Some hybrid securities are listed below:
- Compulsorily convertible preference shares (CCPS) provide investors the benefit of debt along with the economic risk of equity. CCPS will convert to equity, but in future, at a predetermined time or on the request of the shareholder or if the conversion is linked to a future event. Such an event could be a future round of financing or agreed performance metrics.
- Compulsory convertible debentures (CCD) convert to equity after a given period. Holders of CCDs receive interest on the debt component of the instrument, with the added advantage of receiving equity on conversion. Interest is paid quarterly, half yearly, or yearly, as per the terms of the investment agreement. Since CCDs are hybrid securities that convert to equity in the future, their holders will be included in the company’s cap table only when they actually convert.
- Optionally convertible preference shares (OCPS) give flexibility to holders to either redeem the shares or convert them to equity. Typically, redemption or conversion is linked to a certain date or event. Companies elect to raise funds through OCPS to retain the flexibility to redeem shares and return funds, thus avoiding dilution of ownership for existing shareholders. Investors like to keep the option to convert to equity, and benefit from the increase in valuation of the company over the period of OCPS.
- Optionally convertible debentures (OCD) come with an option for their holders to either redeem the money or convert to equity after a given period at a predetermined price. They include an interest component, payable until the maturity date. Investors choose OCD when they want flexibility to either be issued equity in the company or want guaranteed return of their capital.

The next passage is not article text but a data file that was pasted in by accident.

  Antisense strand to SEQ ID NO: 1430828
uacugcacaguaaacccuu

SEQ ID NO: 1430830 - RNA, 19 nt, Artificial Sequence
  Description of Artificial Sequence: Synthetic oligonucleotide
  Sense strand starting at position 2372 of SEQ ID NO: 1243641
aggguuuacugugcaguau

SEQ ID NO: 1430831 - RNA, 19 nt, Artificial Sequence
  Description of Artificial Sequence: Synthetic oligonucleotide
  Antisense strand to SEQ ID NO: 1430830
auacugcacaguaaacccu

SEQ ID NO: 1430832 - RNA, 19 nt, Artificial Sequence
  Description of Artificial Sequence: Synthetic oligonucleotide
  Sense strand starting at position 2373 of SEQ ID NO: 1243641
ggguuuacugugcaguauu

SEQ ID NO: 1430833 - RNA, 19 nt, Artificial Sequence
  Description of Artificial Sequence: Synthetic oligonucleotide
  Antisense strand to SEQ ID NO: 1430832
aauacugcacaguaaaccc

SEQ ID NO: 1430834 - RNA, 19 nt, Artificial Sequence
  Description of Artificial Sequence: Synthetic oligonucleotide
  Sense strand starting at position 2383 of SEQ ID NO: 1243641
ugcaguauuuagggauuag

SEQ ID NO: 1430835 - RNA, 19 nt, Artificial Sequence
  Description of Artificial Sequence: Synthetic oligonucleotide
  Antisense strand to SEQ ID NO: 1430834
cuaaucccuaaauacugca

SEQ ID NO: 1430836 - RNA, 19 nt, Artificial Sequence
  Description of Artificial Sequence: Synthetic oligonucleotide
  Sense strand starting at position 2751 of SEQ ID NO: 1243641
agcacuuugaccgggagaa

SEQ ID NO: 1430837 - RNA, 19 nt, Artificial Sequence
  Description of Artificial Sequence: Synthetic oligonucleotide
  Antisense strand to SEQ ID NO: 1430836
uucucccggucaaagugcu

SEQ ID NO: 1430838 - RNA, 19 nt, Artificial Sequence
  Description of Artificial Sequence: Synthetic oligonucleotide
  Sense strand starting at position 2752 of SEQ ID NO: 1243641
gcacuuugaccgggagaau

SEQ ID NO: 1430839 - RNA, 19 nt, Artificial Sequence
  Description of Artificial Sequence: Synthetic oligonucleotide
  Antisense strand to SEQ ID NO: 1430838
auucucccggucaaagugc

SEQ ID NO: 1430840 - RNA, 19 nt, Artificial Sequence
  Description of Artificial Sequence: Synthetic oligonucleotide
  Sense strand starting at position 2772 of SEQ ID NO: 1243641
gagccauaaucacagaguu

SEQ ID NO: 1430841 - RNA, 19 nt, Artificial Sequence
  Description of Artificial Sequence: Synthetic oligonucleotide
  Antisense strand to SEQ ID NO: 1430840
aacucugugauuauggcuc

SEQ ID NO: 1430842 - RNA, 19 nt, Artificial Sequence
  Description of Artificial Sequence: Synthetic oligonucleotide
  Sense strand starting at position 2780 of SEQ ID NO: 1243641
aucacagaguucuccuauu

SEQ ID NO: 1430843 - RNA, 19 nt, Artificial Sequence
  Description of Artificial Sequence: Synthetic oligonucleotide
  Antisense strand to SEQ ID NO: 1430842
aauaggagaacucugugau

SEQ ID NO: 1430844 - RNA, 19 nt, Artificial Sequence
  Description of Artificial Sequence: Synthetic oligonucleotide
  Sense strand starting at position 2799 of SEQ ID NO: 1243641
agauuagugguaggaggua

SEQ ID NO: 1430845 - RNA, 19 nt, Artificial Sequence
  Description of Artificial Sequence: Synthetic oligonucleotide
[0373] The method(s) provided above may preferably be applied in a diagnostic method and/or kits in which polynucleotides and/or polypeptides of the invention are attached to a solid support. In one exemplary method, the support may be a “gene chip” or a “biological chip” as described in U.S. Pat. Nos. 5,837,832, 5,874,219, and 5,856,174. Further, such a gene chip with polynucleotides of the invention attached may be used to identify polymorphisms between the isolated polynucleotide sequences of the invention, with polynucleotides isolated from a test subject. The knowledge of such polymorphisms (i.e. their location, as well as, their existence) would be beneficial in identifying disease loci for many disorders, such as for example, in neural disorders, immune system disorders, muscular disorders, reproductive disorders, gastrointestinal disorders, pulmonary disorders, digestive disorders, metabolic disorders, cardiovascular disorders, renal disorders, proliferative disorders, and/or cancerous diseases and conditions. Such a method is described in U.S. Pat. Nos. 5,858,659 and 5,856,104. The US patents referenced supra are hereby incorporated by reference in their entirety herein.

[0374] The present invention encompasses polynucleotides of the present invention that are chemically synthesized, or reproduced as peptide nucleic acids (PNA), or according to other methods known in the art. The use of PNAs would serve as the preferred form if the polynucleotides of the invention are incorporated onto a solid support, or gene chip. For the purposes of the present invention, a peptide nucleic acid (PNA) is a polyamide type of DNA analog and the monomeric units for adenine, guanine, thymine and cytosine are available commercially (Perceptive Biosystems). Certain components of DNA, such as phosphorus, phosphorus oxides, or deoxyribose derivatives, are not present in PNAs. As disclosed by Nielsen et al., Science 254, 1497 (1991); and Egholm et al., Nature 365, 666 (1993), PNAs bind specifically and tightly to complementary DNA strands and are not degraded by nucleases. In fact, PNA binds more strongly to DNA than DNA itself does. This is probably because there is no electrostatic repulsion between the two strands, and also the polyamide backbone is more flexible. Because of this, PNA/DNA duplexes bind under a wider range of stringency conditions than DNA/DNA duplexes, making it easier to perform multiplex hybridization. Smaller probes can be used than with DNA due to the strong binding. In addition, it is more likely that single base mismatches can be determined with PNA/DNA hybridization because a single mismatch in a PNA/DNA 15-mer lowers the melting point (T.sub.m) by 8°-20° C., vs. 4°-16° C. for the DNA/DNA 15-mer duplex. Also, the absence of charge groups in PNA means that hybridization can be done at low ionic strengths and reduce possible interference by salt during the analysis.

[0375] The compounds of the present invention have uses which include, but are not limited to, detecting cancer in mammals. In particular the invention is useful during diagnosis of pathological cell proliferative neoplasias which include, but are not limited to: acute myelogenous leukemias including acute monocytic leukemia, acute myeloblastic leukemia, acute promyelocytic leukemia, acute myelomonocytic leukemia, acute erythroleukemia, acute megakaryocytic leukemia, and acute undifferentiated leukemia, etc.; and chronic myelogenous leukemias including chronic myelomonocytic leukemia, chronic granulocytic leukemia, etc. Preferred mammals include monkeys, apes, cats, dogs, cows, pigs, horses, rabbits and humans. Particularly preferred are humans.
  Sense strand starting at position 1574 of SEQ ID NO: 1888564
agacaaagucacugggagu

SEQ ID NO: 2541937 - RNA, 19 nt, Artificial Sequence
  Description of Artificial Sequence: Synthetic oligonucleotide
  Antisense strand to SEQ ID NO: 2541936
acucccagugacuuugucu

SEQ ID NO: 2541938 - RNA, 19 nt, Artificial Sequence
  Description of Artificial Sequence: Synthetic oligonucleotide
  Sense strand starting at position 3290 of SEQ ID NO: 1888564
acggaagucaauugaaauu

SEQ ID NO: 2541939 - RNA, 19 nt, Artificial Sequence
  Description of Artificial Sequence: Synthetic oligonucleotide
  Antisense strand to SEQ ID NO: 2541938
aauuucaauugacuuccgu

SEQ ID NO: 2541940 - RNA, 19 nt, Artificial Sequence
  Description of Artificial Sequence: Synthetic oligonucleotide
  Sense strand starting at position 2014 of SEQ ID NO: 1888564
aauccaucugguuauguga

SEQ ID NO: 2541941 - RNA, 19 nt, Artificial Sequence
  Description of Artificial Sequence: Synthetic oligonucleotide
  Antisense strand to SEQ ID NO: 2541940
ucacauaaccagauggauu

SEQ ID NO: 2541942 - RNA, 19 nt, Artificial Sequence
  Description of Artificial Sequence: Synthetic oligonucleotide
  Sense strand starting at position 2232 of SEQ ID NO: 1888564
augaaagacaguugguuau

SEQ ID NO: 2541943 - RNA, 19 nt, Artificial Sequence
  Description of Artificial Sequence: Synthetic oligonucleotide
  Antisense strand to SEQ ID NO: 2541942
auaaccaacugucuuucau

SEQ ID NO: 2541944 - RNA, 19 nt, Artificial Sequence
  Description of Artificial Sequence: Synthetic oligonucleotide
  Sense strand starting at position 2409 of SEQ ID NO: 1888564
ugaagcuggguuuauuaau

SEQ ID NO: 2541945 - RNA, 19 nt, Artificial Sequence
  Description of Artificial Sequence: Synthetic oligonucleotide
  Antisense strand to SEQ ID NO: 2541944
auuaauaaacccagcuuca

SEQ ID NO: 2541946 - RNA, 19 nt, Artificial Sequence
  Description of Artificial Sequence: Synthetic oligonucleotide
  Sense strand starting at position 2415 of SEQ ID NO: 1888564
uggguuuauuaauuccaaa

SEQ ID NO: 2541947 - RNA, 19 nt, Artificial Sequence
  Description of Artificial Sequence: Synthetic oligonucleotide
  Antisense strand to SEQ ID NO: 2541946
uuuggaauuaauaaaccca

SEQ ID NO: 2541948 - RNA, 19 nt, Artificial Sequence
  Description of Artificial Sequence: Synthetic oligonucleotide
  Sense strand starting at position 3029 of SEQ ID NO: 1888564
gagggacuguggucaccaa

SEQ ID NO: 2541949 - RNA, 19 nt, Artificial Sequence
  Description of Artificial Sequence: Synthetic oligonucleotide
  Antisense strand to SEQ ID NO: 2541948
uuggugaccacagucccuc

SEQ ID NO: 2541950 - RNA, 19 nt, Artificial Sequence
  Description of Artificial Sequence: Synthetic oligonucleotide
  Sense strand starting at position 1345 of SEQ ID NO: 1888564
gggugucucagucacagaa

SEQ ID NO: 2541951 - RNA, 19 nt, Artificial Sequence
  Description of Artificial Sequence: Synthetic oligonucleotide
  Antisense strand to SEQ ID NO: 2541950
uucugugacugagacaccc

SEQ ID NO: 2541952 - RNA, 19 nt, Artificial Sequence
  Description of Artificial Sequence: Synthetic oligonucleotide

- Convertible notes are issued when the company wants to raise an interim round of financing to meet its requirements until a full-fledged round can be raised. Usually, notes convert to equity based on a trigger factor. This could be a future round of financing, operation metrics, pure passage of time, or at the discretion of the company.
- Warrants give financial investors the right to convert their investment to equity within a given time in the future. If warrants are issued in combination with a convertible note, the warrants convert under the same terms as those of the convertible note in the subsequent round of financing.
Securities are mainly evidence of funds received from the investors. For private limited companies whose shares are unlisted, venture equity and venture debt are the most common sources of funding. With the start-up ecosystem booming, there is no dearth of funds or investors. Therefore, companies must carefully model various financing rounds, and consider how different securities affect the cap table, before locking in on the security issued in each round.
More in this series:
Debt or equity – what works better for start-ups? And what do investors prefer?